The Einstein@Home Screensaver has a number of elements related to current efforts to detect gravitational radiation from periodic sources such as pulsars. The primary element of the screensaver is a rotating celestial sphere showing the known constellations, along with the current zenith positions of three gravity wave detectors. The positions of the detectors relative to the stars changes periodically over a 24 hour period. If you went to one of the detector sites, the stars visible directly overhead at any time are the same ones that appear next to the detector on your screensaver. (This assumes of course that your computer's time and timezone are correctly set!) Also shown are the positions of the known pulsars and supernovae remnants, and a marker indicating the positions being searched as the calculations proceed. When the graphics are shown in a separate window (not as a screensaver) the user can control the display with the mouse and keyboard.
The rotating sphere shows the major stars of the constellations. You may have trouble at first recognizing some of the constellations; they will be backwards from what you are accustomed to because you are viewing them from outside the celestial sphere. You can use the mouse (as described below) to zoom to the inside of the celestial sphere, where the constellations will look like they normally do in the night sky.
Each of the “L” shaped markers on the starsphere represents the current zenith position (point directly upward) for one of the instruments which collects the data analyzed by Einstein@Home. The “L” shape comes from the fact that the detectors are basically very large Michelson interferometers. The orientation of the detectors is correct, but they are not to scale.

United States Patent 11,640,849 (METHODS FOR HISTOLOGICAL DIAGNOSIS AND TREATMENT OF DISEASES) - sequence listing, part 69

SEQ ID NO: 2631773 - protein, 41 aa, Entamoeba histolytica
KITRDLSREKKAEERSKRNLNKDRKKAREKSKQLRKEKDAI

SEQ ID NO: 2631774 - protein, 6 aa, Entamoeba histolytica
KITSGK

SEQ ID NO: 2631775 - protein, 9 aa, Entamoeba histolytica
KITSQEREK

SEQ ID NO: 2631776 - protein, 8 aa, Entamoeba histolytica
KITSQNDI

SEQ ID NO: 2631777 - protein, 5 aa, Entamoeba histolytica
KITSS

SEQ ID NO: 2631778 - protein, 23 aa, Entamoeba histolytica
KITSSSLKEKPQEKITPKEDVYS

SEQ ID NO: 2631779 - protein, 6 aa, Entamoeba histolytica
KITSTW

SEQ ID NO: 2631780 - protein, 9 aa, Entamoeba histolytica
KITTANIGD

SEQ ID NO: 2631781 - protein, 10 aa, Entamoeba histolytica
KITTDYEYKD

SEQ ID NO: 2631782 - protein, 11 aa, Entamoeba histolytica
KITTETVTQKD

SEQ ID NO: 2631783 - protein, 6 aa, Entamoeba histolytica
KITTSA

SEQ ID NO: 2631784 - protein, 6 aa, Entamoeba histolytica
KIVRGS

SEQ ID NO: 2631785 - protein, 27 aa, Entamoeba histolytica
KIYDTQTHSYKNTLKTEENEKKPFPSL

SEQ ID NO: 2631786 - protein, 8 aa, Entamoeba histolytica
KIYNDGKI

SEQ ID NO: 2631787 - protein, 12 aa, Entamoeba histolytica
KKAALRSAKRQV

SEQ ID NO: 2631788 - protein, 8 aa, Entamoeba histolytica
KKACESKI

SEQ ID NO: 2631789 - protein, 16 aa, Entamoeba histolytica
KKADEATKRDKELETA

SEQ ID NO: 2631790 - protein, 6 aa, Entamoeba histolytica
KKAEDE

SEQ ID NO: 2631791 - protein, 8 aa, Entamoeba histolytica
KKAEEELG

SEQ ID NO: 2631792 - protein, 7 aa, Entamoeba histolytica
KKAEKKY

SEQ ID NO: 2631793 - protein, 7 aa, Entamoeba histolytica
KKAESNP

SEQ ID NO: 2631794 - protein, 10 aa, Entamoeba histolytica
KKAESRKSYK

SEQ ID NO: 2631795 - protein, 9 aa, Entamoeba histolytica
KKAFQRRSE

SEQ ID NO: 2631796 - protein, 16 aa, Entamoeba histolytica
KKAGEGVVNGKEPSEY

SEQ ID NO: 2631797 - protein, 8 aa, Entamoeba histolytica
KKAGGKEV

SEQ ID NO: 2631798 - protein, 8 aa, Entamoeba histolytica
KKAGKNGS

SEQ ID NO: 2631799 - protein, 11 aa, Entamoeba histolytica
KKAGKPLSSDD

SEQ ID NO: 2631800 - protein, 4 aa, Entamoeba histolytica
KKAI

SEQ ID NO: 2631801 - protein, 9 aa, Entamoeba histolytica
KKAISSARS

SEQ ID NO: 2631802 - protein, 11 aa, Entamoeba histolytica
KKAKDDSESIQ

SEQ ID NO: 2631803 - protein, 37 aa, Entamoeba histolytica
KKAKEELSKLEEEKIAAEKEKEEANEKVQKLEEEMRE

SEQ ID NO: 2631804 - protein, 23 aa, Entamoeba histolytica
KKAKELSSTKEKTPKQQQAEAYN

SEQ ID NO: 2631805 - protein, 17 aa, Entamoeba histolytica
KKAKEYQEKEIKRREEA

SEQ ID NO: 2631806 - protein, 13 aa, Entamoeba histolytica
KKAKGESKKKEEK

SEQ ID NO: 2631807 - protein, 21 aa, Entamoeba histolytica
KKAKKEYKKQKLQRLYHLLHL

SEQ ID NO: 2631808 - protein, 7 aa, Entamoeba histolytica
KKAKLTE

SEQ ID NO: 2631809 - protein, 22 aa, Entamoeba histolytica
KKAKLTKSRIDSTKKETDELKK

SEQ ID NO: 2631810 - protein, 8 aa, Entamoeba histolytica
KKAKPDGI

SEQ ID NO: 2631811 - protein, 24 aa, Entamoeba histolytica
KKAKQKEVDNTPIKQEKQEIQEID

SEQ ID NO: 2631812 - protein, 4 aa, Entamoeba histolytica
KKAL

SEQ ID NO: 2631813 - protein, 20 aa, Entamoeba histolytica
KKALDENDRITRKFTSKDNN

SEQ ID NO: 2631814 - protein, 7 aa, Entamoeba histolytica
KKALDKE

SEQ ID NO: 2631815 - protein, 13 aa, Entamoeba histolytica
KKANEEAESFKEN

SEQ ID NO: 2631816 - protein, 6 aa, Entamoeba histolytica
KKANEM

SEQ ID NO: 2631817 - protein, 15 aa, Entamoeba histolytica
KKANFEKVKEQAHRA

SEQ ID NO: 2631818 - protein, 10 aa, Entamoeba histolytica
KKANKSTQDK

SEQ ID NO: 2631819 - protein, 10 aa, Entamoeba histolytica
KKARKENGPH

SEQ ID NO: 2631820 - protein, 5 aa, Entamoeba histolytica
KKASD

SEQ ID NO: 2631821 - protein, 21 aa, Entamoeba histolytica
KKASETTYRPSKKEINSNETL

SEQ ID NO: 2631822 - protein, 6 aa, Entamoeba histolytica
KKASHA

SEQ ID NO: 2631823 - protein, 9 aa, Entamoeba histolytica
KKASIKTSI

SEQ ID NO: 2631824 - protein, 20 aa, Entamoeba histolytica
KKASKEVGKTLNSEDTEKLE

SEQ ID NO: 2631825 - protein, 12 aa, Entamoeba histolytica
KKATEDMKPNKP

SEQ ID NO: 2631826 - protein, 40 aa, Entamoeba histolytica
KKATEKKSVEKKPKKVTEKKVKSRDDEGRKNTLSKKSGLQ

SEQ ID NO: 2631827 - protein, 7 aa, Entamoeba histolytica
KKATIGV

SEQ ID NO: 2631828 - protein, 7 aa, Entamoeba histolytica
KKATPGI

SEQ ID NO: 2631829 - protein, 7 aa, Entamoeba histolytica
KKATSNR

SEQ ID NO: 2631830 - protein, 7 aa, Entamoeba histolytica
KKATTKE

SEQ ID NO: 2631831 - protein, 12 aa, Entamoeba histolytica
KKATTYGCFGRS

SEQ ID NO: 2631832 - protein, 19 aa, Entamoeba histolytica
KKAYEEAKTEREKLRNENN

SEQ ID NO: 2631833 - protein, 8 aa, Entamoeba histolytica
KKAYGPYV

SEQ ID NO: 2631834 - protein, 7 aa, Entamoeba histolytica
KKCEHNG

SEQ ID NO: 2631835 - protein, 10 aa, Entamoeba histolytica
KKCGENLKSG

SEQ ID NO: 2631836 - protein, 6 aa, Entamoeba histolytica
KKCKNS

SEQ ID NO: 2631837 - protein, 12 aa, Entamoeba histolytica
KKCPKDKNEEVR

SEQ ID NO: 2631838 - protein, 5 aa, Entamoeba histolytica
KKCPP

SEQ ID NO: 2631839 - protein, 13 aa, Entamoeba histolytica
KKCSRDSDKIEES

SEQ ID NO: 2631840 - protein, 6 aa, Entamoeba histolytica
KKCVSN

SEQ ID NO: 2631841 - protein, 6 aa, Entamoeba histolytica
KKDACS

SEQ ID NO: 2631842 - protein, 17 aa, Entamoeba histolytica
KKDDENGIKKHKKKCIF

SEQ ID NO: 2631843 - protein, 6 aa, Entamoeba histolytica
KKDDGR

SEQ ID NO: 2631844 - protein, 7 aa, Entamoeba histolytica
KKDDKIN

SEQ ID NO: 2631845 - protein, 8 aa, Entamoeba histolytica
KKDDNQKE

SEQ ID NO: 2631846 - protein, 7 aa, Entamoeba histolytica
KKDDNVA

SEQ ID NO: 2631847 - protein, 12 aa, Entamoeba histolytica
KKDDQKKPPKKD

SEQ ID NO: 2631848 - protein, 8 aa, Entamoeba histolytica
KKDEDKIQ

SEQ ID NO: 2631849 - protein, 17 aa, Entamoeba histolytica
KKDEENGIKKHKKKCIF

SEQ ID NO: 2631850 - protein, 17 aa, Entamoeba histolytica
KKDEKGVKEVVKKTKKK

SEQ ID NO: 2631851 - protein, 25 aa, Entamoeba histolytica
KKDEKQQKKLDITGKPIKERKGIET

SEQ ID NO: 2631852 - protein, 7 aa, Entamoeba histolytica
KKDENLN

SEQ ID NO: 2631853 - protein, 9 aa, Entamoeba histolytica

LIGO Hanford Observatory (LHO)
Hanford, Washington, USA, (N 46.45°, W 119.41°)
consisting of two interferometers, one with 4km arms (H1) and one with 2km arms (H2).
LIGO Livingston Observatory (LLO)
Livingston, Louisiana, USA, (N 30.56°, W 90.77°)
consisting of one interferometer with 4km arms (L1).
Hanover, Germany, (N 52.24°, E 9.81°)
consisting of one interferometer with 600m arms.
If you have set your system clock to the correct time then the instruments will be shown in the correct relationship to the stars on the celestial sphere. If you watch over the period of a day you will see that they move around the celestial sphere once in a period of 24 hours.
The purple dots represent the known pulsars, which have been detected electromagnetically. Notice that these are clustered in the plane of our galaxy (the Milky Way), predominantly toward the center of the galaxy. You may also notice two small clusters of pulsars in the celestial southern hemisphere. These pulsars are located in the Large or Small Magellanic Cloud.
The dark red dots represent the known supernova remnants. These are also clustered toward the center of the galaxy. Supernovae remnants are of particular interest for gravity wave hunters because some of these supernovae may have left behind a pulsar or spinning neutron star which might produce periodic gravity waves.
The orange marker shaped somewhat like a gun-sight represents the current position in the sky which is being searched. The location is also noted in the lower right corner in celestial coordinates (Right Ascension and Declination). You will see this marker move from point to point as the search progresses. Details on how we search for gravity waves coming from a particular source will be linked from here sometime in the future.
When the graphics are displayed in a separate graphics window (rather than as a screensaver) you can control the display with the mouse and keyboard. To zoom in or out or rotate the starsphere hold down the appropriate mouse button and move the mouse up and down or left and right.